OLR Bill Analysis
AN ACT CONCERNING QUALIFICATIONS OF ELECTION MODERATORS.
This bill prohibits the secretary of the state from certifying as an election moderator or alternate moderator an individual who has been convicted of or pled guilty or nolo contendere to any (1) felony involving fraud, forgery, larceny, embezzlement, or bribery or (2) state election law criminal offense (felony or misdemeanor).
Existing law prohibits an individual who has been convicted and imprisoned for a felony from being certified as a moderator, but only until his or her electoral privileges are restored. There is no similar prohibition following misdemeanor convictions.
EFFECTIVE DATE: Upon passage
By law, moderators are the chief public officials at polling places and responsible for presiding over them in accordance with election law. To be eligible for moderator certification, individuals must (1) be state electors and (2) successfully complete an instructional session and secretary of the state-administered examination.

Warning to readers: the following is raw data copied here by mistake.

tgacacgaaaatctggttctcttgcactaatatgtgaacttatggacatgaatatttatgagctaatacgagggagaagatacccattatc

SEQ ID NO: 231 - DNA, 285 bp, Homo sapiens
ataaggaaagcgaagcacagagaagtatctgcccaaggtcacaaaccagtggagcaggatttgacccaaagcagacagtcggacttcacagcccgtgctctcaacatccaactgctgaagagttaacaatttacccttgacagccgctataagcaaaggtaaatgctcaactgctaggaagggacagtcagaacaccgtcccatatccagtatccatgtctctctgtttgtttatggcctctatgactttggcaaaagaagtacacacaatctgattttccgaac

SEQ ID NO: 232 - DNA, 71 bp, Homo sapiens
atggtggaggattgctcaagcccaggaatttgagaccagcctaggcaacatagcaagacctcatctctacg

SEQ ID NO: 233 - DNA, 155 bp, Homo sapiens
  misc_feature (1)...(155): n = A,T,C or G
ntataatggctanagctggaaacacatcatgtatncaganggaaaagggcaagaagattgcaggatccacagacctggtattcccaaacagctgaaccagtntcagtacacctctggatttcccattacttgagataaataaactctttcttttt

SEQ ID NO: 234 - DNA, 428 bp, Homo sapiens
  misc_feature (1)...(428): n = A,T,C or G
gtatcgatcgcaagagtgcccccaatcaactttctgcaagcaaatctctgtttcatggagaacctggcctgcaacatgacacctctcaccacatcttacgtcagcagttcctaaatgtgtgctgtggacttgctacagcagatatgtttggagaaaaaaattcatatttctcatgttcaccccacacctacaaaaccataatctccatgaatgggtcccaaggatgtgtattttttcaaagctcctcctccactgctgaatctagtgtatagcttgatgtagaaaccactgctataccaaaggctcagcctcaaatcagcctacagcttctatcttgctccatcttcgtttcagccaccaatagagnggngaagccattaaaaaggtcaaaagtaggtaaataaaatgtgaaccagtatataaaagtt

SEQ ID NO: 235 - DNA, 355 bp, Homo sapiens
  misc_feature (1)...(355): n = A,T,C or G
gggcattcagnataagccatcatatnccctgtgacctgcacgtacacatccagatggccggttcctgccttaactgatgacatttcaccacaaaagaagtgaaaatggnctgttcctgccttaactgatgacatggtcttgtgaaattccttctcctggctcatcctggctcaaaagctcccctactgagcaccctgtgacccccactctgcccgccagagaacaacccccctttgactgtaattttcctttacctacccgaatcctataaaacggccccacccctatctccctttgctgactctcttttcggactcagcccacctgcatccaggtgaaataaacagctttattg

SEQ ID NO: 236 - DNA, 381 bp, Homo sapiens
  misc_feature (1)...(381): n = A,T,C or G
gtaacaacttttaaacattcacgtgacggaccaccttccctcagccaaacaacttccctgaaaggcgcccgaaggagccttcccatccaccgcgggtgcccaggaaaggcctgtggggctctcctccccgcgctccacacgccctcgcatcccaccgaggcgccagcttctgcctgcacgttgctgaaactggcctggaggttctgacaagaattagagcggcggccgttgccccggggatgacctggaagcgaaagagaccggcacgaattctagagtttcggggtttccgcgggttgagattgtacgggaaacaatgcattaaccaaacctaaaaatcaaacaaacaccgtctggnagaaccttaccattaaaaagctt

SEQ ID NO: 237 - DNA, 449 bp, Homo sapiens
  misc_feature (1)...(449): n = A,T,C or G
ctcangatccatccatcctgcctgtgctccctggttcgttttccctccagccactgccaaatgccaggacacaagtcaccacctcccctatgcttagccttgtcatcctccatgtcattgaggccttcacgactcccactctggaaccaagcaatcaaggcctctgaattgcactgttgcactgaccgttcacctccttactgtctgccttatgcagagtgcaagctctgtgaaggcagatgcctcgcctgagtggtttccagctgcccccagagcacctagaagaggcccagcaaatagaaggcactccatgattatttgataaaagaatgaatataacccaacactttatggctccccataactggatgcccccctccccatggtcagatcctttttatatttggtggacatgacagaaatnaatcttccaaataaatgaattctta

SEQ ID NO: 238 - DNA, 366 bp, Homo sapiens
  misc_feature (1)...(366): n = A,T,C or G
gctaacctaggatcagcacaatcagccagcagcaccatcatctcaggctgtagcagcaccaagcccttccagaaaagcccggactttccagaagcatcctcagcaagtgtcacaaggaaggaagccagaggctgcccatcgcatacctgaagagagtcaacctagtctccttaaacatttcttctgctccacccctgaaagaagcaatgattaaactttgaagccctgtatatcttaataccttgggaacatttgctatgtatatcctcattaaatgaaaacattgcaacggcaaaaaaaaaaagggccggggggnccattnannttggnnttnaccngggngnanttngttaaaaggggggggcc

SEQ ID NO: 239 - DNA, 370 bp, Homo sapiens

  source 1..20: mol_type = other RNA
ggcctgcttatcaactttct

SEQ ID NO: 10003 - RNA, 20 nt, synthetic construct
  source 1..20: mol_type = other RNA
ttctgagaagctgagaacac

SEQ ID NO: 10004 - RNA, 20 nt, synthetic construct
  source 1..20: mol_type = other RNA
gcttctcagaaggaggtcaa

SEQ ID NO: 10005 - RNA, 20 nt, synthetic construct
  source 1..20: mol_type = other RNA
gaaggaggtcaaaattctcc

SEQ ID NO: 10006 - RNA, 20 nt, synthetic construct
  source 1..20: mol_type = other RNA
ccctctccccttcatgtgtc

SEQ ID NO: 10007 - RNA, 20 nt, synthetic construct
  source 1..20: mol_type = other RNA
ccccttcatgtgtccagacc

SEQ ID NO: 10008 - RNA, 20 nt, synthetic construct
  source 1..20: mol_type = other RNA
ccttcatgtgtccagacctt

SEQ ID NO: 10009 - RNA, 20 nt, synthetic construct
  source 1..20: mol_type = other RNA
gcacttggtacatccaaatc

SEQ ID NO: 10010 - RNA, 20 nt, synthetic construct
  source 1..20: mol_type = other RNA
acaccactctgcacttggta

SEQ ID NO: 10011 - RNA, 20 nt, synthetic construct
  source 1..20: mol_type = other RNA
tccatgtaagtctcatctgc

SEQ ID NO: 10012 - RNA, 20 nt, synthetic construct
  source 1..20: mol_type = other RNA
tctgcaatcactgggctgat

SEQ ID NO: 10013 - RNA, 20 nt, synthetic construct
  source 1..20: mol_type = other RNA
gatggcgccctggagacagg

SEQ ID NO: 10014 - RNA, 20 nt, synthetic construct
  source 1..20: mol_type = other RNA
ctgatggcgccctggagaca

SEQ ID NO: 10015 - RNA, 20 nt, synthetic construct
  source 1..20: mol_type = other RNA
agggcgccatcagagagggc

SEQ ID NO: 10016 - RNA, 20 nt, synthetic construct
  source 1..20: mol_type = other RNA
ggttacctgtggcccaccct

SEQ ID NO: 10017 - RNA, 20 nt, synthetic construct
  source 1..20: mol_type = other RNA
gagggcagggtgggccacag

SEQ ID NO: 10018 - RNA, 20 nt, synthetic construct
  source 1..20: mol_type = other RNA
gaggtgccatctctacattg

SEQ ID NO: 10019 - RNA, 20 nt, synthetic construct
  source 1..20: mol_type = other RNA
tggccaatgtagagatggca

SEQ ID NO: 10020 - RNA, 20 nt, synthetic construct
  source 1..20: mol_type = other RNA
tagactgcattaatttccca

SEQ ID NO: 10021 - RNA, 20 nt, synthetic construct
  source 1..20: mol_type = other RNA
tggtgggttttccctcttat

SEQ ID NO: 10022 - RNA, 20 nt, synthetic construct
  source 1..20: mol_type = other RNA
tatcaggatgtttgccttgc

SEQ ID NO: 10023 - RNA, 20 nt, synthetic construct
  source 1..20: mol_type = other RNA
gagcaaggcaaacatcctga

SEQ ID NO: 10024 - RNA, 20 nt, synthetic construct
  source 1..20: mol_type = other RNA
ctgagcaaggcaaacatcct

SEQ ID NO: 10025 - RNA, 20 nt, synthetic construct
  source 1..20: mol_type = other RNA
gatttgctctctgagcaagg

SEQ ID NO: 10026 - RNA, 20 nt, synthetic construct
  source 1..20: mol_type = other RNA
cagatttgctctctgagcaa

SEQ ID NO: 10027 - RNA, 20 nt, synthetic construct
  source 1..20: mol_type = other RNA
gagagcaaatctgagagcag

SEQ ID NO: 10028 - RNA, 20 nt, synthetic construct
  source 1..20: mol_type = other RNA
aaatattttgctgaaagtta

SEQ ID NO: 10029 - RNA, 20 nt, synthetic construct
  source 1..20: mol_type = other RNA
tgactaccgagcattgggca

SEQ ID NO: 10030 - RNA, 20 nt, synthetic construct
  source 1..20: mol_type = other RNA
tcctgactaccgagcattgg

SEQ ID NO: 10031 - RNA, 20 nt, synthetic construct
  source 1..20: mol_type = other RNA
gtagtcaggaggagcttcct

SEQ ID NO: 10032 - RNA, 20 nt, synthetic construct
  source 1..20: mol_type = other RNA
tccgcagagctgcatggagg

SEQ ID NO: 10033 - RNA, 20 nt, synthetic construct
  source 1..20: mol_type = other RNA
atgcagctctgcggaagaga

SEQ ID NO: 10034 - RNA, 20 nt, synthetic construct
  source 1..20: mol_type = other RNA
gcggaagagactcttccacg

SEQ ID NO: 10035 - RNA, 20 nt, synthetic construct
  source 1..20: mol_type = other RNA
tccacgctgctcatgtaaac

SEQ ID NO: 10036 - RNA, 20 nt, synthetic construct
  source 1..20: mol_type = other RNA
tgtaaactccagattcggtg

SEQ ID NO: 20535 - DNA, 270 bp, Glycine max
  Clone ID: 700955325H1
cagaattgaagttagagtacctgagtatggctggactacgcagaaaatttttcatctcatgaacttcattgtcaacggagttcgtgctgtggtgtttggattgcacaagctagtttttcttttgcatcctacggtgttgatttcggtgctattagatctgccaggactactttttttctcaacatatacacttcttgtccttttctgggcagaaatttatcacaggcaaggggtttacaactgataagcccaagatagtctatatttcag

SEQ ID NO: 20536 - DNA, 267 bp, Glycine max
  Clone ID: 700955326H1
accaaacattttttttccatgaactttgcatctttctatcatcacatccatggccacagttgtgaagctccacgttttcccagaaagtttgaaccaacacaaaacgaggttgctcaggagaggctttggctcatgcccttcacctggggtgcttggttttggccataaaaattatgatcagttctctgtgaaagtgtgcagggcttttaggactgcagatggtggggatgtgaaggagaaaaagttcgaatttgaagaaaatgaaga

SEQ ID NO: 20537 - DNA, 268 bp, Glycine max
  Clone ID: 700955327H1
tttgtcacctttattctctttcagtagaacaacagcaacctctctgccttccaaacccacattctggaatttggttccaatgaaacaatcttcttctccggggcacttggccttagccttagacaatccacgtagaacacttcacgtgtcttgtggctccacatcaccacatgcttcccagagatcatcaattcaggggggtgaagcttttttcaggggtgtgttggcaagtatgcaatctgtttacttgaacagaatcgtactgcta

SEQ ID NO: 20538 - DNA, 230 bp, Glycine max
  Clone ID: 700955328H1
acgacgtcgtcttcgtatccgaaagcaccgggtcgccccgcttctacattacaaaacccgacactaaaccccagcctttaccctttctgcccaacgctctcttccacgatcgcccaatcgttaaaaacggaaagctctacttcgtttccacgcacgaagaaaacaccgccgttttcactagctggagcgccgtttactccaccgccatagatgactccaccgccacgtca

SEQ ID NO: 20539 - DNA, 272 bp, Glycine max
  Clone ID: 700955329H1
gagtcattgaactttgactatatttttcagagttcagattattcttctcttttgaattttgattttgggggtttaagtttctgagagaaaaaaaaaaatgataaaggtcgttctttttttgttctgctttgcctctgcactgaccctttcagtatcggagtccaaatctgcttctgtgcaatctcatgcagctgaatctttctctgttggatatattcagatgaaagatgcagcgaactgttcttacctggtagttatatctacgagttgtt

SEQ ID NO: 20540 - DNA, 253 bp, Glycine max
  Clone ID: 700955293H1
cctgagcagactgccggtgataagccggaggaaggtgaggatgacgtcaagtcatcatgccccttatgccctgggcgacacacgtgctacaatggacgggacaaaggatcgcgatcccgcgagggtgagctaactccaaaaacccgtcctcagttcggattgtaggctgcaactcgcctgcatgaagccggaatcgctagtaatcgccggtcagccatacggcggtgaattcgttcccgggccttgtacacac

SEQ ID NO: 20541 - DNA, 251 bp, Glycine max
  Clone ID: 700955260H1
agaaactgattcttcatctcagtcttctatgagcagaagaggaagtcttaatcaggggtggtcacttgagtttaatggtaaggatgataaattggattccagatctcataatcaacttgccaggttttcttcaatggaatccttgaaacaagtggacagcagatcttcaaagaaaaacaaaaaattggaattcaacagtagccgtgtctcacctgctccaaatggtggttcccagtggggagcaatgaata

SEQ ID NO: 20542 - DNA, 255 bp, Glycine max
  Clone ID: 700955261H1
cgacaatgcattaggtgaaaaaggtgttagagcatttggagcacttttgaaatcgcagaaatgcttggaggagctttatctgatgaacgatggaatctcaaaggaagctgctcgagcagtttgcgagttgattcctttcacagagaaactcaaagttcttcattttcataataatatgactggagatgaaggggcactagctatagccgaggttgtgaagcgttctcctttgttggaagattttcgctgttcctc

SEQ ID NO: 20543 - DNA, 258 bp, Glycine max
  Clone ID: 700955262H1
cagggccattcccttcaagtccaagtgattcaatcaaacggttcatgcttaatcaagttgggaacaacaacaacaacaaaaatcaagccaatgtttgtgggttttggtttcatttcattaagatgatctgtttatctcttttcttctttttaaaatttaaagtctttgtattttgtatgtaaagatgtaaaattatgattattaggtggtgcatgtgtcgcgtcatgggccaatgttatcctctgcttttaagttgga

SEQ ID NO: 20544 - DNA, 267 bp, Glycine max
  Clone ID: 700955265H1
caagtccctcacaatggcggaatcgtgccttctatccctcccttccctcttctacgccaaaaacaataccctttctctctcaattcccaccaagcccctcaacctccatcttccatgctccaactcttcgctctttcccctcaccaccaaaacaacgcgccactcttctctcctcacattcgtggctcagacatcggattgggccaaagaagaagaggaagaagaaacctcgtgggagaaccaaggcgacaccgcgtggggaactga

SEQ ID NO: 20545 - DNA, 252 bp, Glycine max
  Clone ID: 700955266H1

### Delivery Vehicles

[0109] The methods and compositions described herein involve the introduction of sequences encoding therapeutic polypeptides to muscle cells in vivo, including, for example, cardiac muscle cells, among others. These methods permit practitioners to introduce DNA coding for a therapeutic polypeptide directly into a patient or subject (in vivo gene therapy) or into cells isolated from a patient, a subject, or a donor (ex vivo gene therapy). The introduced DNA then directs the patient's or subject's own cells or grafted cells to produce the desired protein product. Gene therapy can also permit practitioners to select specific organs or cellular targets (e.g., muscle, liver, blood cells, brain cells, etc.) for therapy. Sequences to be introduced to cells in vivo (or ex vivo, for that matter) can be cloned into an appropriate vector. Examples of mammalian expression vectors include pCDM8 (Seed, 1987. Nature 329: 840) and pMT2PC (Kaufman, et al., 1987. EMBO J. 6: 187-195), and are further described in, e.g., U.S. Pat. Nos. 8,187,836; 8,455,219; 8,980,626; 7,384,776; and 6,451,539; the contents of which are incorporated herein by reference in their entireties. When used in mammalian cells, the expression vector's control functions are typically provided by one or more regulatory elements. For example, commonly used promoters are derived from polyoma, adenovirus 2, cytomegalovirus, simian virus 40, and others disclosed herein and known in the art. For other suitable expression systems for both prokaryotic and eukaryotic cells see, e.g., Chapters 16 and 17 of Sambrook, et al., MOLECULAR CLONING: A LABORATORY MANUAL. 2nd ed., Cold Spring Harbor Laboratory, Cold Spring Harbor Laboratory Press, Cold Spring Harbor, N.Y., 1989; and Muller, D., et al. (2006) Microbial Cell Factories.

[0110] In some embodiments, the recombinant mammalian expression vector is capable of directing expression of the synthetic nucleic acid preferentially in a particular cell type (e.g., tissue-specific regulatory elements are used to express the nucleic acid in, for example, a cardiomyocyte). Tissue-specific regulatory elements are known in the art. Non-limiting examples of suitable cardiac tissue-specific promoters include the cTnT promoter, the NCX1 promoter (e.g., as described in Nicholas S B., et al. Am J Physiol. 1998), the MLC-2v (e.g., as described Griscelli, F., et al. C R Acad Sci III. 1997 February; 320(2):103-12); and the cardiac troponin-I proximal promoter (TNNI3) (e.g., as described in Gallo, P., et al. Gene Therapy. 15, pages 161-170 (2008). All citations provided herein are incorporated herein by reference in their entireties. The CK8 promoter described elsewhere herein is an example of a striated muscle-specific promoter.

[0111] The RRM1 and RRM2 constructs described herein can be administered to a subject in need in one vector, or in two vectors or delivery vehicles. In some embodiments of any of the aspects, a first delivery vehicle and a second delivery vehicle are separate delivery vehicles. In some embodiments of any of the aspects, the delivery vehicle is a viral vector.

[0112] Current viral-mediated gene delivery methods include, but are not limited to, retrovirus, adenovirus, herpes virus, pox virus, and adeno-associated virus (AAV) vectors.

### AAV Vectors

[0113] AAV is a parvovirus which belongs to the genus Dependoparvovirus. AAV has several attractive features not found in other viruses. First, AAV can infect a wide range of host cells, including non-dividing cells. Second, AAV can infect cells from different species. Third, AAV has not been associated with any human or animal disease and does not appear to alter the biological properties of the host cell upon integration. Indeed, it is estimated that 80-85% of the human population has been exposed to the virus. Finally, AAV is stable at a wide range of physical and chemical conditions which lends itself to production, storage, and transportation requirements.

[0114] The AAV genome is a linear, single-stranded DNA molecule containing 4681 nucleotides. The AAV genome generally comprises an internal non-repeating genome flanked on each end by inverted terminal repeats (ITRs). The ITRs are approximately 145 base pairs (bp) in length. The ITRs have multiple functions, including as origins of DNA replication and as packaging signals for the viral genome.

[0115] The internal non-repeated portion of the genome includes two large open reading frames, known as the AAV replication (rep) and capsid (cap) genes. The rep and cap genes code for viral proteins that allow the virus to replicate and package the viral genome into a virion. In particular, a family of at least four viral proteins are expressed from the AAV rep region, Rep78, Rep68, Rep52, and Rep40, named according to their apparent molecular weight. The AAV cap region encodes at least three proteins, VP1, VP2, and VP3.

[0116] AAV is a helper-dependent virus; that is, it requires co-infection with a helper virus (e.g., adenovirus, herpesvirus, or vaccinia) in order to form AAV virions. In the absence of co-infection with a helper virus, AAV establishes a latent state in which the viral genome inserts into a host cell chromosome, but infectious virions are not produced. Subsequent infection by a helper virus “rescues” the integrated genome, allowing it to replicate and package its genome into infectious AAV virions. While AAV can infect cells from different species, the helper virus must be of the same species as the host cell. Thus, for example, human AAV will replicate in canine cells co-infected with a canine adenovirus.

An individual forfeits his or her right to be an elector upon conviction and imprisonment for a felony. The right may be restored after the individual has paid all fines and completed any required prison and parole time (CGS §§ 9-46 and -46a).
The secretary of the state may disqualify a moderator if, after consulting with the registrars of voters, she determines the moderator has committed material (1) misconduct, (2) neglect of duty, or (3) incompetence in the discharge of duties (CGS § 9-228a).
sHB 6633, reported favorably by the Government Administration and Elections Committee, generally prohibits individuals from becoming campaign treasurers or deputy campaign treasurers for similar offenses.
Government Administration and Elections Committee
Joint Favorable Substitute